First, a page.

Today is White Day, a Japanese and now more broadly Asian day meant for people to reciprocate for any gifts received on Valentine’s Day. It doesn’t exactly seem like the sort of holiday that would interest me, personally, but it’s definitely a step up from the usual Valentine’s Day mess and you know that I’m not going to soil my fingers pretending that Pi Day makes any mathematical sense…
Sadly, I can’t reciprocate for the “gift” give to me by Jekyll and Daylight Saving twice a year, where I suddenly realize that Jekyll always expects me to know the proper time zone every day, leading me to scramble to figure out—every spring, now—why my post won’t go out.
Anyway, that’s not all that I hassled with, so…
Picture to Nonogram
At some point, I realized that the repository version of the Daily Nonogram code didn’t have an explicit background color set, despite having a CSS variable for a background color. So, the
<body> tag now has a CSS style with an explicit
background-color: var(--background) attribute.
I also added Gitpod’s configuration file to the repository, since I’m less likely to edit and test the code on my local machine.
When sending out the newsletter for February updates, I noticed a couple of glitches getting through…even though most prior issues were fine.
To fix those issues, I updated how the script connects post titles to post URLs—apparently, I changed the mapping, at some point, from JSON objects with explicit
url fields to using the titles as keys of the object—and cleaned up the script to look for updated posts.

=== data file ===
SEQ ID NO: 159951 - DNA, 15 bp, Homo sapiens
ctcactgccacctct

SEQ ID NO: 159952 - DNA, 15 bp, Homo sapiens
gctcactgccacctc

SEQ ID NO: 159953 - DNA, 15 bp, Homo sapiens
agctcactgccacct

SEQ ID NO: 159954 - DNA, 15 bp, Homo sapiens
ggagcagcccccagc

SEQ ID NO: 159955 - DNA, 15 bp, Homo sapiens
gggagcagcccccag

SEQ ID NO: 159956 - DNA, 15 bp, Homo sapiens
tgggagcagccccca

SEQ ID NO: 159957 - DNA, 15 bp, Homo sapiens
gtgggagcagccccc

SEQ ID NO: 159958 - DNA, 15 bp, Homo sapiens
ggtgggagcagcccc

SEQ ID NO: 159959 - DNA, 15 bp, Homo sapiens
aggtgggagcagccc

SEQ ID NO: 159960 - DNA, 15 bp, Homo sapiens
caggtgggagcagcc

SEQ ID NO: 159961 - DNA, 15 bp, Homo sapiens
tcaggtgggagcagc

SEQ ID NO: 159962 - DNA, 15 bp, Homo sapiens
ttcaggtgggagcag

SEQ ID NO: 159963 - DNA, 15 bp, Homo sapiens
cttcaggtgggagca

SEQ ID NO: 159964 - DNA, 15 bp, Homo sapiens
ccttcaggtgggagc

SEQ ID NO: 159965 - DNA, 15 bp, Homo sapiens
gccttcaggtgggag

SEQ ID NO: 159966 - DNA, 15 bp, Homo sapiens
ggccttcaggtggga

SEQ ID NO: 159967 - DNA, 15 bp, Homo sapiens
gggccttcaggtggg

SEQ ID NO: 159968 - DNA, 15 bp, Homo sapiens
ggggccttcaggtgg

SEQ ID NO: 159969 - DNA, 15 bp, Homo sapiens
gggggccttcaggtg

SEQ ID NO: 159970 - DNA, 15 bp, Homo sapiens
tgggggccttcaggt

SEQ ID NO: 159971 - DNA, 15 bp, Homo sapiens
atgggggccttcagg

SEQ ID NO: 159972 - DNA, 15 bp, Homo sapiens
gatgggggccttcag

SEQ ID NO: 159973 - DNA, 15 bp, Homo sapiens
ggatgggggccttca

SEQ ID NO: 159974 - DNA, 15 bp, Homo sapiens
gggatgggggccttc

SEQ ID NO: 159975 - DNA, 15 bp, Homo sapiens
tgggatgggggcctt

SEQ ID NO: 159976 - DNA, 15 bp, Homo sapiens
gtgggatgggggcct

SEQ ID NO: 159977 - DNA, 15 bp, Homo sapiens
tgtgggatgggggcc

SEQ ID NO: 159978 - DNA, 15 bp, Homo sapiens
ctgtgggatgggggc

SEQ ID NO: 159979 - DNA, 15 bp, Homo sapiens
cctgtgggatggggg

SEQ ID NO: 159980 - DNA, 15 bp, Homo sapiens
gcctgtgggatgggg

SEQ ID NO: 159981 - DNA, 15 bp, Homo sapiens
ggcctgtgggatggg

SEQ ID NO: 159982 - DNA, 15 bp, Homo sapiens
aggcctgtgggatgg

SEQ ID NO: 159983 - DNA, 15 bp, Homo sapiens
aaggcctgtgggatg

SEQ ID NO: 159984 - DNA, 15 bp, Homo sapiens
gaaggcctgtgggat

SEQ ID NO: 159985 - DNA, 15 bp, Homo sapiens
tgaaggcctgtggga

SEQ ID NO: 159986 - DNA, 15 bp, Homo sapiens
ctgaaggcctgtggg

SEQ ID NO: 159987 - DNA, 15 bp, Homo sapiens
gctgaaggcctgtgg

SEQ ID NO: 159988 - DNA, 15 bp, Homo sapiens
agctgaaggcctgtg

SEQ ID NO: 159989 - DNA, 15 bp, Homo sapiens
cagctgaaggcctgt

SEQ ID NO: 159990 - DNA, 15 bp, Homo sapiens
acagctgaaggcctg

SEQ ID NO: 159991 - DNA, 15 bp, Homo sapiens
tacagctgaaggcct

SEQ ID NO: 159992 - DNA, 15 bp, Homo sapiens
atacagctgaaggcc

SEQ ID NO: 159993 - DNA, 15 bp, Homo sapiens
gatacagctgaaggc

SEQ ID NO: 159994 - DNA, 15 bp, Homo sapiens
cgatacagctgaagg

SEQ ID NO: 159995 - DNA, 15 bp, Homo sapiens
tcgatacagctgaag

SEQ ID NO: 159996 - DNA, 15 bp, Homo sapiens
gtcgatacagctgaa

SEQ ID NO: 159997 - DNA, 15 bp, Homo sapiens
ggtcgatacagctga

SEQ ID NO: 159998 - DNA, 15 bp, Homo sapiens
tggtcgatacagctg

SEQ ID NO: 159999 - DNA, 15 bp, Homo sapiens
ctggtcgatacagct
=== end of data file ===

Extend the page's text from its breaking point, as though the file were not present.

Why this wasn’t already the case, I don’t know, but the Morning Dashboard now uses
.toLocaleDateString() to get a more readable text representation of the date, such as “Monday, March 14, 2022” instead of the far less useful “Mon Mar 14 2022” that comes from default representations.
As I have mentioned in a couple of places, the game—officially released yesterday—now tracks the distance “traveled” from guessed country to guessed country. While there is no limit to the guesses allowable, the game now quietly announces—by coloring the total distance traveled so far in progressively more concerning colors (green to yellow to red, then finally white after the game has been lost) as the ground covered approaches and crosses that diameter of the Earth.
More trivially, the repository should now ignore the generated game files.
This week, I will probably retreat into the ease of library updates, although I see a couple of small outstanding changes that need to happen.
Credits: The header image is Bride at meiji shrine by Photocapy, made available under the terms of the Creative Commons Attribution Share-Alike 2.0 Generic license.
Tags: programming project devjournal